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Lopez v. New York State Dep't of Correctional Services

NEW YORK SUPREME COURT, APPELLATE DIVISION, THIRD DEPARTMENT


October 29, 2009

IN THE MATTER OF BRUCE LOPEZ, RESPONDENT,
v.
NEW YORK STATE DEPARTMENT OF CORRECTIONAL SERVICES ET AL., APPELLANTS.

MEMORANDUM AND ORDER

Calendar Date: September 9, 2009

Before: Peters, J.P., Rose, Lahtinen, Kane and Malone Jr., JJ.

Appeal from a judgment of the Supreme Court (Egan, Jr., J.), entered October 7, 2008 in Albany County, which granted petitioner's application, in a proceeding pursuant to CPLR article 78, to annul a determination of respondent Department of Correctional Services calculating petitioner's prison sentence.

Petitioner was convicted of multiple felonies in 1981, 1984, 1987, 1993, 1996 and 2004 and was sentenced in each instance as a second felony offender to various terms of imprisonment. Petitioner's 1984 sentence and commitment order did not specify the manner in which that sentence was to run relative to the undischarged portion of petitioner's 1981 term, but it appears that respondent Department of Correctional Services (hereinafter respondent) initially treated those sentences as running concurrently - an error that was not corrected until 1999. Petitioner commenced this CPLR article 78 proceeding challenging respondent's decision to run his 1984 sentence consecutively to his 1981 sentence. Supreme Court annulled respondent's determination, prompting this appeal.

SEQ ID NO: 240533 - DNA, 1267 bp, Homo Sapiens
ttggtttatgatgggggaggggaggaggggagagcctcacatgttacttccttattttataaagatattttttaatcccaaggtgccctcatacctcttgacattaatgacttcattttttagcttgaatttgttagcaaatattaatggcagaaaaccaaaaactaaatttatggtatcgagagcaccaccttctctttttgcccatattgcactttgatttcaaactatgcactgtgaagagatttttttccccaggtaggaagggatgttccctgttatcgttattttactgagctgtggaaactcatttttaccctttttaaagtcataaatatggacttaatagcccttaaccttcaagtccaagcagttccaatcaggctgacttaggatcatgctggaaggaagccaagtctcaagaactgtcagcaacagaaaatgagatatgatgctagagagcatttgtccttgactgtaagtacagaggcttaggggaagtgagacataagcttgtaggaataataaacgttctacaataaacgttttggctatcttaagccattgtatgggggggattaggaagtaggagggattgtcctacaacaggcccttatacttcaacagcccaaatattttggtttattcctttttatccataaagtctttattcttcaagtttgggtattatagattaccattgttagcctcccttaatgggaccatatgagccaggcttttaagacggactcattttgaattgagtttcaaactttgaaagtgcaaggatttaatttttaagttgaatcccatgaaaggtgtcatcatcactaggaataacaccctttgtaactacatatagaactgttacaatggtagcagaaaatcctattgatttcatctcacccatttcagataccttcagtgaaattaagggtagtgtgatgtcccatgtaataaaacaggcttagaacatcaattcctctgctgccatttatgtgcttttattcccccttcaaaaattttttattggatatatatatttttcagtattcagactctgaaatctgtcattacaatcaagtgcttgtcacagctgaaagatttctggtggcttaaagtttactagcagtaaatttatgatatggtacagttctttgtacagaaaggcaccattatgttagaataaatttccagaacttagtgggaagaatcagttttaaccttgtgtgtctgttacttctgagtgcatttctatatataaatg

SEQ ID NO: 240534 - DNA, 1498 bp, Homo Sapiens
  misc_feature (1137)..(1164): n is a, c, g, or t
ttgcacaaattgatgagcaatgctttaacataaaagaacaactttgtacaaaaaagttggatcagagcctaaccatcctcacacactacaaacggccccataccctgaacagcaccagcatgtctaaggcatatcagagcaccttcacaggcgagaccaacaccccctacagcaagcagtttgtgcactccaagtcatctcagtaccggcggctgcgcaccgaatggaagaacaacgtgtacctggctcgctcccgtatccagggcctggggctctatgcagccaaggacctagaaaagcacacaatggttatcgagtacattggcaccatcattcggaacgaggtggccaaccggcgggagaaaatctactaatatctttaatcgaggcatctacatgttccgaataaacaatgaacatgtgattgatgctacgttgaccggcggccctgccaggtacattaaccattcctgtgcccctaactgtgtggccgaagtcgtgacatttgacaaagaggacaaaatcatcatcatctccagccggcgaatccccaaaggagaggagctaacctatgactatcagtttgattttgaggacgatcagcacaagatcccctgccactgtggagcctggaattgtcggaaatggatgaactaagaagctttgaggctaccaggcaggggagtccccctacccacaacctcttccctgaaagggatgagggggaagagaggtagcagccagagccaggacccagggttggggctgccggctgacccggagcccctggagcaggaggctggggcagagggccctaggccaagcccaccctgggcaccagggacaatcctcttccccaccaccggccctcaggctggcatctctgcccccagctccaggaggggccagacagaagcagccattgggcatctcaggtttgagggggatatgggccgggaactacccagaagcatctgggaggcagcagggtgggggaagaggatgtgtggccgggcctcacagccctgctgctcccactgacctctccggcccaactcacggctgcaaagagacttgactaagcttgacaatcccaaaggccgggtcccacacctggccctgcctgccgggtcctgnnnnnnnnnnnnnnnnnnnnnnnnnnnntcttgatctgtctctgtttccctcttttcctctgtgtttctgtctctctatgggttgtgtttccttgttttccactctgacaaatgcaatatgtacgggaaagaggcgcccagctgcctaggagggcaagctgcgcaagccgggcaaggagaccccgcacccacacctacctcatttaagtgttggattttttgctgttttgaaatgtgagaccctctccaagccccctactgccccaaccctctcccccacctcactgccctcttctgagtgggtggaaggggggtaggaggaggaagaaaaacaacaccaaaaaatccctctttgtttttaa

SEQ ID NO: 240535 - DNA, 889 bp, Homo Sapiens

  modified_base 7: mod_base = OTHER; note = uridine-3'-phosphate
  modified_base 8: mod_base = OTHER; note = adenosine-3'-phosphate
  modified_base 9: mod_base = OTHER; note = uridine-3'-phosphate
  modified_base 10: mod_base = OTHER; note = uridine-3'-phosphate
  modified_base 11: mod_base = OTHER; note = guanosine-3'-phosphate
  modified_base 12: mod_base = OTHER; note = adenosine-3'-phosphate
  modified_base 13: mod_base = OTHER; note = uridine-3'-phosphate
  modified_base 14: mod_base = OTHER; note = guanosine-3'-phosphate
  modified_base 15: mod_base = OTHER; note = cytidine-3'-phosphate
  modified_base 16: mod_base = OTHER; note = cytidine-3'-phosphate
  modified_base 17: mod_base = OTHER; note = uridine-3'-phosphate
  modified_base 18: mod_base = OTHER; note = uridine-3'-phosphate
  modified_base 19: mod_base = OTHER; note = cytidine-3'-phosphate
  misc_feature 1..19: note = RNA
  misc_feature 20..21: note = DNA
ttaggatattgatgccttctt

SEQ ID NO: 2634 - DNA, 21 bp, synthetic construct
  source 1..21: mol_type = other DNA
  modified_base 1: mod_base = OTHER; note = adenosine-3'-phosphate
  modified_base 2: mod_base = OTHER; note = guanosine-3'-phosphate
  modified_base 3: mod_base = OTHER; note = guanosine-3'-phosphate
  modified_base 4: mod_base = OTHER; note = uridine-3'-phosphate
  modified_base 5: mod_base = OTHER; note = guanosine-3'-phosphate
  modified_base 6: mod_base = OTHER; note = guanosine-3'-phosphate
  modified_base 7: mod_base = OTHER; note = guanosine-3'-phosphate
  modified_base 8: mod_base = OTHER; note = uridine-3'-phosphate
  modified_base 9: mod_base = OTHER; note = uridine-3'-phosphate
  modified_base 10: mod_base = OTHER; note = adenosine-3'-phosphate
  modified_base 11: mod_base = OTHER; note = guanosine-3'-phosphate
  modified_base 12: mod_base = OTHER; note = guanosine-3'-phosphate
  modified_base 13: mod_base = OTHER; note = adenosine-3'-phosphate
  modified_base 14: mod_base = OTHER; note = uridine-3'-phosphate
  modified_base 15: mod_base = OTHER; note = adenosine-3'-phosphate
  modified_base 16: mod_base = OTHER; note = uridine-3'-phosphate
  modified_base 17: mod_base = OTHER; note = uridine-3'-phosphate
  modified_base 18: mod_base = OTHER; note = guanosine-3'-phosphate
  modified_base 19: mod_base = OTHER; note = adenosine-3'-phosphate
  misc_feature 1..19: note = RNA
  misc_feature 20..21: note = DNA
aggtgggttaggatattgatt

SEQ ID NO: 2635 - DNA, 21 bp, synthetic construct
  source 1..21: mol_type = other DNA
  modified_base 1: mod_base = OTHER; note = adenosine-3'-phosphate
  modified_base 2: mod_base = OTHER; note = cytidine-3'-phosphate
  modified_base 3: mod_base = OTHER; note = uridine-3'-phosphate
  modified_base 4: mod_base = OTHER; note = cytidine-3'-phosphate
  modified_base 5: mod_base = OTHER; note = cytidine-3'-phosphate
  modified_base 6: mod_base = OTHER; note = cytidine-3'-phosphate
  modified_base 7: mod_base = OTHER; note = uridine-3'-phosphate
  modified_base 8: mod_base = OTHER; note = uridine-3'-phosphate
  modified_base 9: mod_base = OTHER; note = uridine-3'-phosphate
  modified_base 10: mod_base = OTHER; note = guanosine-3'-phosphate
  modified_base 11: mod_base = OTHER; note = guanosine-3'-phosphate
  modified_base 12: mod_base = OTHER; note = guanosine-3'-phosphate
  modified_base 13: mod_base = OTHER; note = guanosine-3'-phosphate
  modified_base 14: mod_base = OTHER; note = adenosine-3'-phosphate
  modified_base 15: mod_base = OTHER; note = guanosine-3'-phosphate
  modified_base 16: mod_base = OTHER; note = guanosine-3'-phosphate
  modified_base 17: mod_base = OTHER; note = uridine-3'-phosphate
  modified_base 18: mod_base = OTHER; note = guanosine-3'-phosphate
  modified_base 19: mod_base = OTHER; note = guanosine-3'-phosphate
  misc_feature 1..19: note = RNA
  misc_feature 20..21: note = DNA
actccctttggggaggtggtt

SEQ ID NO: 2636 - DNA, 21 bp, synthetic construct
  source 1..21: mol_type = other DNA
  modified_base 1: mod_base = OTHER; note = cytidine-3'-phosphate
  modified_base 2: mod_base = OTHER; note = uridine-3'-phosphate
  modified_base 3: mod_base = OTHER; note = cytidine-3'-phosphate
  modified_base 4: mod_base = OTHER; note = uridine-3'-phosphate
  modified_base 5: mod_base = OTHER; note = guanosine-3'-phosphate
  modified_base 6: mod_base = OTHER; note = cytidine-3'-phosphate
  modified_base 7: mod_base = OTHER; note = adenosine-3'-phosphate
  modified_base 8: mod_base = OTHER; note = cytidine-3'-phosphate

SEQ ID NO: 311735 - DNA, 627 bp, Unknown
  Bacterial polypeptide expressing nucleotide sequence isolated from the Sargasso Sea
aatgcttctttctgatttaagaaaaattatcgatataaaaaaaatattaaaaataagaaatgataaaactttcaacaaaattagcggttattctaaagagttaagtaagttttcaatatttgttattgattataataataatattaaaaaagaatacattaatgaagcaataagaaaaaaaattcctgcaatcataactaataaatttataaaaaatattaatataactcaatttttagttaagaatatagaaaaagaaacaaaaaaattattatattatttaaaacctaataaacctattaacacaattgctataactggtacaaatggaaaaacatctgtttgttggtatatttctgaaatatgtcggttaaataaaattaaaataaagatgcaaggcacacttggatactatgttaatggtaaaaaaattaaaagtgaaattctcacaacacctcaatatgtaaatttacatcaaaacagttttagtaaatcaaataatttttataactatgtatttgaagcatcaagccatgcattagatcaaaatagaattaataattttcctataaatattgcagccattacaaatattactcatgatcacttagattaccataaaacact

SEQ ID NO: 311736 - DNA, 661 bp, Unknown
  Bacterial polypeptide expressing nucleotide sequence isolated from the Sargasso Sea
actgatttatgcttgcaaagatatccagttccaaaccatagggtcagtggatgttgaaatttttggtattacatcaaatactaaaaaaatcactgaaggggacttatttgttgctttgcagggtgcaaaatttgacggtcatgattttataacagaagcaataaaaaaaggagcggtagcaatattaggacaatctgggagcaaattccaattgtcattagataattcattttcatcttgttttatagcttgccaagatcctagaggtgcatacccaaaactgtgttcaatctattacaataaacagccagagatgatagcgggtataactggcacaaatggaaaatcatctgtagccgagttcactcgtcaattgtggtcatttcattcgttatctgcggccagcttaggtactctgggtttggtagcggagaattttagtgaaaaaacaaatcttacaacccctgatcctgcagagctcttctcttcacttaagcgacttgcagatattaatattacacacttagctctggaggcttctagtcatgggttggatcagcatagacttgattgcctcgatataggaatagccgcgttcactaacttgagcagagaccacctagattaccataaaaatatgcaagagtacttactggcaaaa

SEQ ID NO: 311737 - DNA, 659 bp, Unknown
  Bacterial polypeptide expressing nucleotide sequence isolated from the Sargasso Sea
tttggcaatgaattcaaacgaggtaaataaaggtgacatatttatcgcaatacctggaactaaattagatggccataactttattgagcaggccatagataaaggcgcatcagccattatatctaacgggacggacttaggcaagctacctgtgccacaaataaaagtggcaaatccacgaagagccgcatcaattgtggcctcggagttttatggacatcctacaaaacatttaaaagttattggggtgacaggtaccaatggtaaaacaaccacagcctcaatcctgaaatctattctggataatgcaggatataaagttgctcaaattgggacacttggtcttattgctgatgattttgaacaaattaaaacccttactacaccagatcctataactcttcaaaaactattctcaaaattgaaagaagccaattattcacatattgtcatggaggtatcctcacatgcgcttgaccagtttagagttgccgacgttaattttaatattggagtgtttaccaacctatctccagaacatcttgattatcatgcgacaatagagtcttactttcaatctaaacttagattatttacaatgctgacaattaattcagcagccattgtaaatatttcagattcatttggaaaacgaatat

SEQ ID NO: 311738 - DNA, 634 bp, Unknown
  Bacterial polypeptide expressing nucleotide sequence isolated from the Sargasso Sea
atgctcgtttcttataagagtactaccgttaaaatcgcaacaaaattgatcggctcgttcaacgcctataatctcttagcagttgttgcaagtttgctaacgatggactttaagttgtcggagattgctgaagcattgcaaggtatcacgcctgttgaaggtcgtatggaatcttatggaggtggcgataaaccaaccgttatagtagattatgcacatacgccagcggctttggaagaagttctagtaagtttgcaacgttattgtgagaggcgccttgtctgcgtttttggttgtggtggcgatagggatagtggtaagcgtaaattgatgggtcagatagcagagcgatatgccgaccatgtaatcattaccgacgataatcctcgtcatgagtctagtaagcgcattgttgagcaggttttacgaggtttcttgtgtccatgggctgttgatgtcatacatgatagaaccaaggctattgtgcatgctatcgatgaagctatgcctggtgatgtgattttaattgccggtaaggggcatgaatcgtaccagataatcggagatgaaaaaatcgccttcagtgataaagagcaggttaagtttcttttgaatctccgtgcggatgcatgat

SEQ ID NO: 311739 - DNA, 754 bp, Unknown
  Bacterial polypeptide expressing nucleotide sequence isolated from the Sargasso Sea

As the Court of Appeals has made clear, where a statute mandates the imposition of a consecutive sentence, the sentencing court "is deemed to have imposed the consecutive sentence the law requires" even if it fails to say so (People ex rel. Gill v Greene, 12 NY3d 1, 4 [2009], cert denied sub nom. Gill v Rock, ___ US ___ [Oct. 5, 2009]). As a second felony offender, petitioner was subject to the consecutive sentencing provisions of Penal Law § 70.25 (2-a) - under both the current statute and the statute as it existed in 1984 (see L 1978, ch 481, § 23) and, therefore, respondent's calculation running petitioner's 1984 sentence as consecutive to the undischarged portion of his 1981 term was proper (see People ex rel. Taylor v Brown, 62 AD3d 1063, 1064 [2009]). Accordingly, Supreme Court's judgment is reversed and the petition is dismissed.

Peters, J.P., Rose, Lahtinen, Kane and Malone Jr., JJ., concur.

ORDERED that the judgment is reversed, on the law, without costs, and petition dismissed.

20091029

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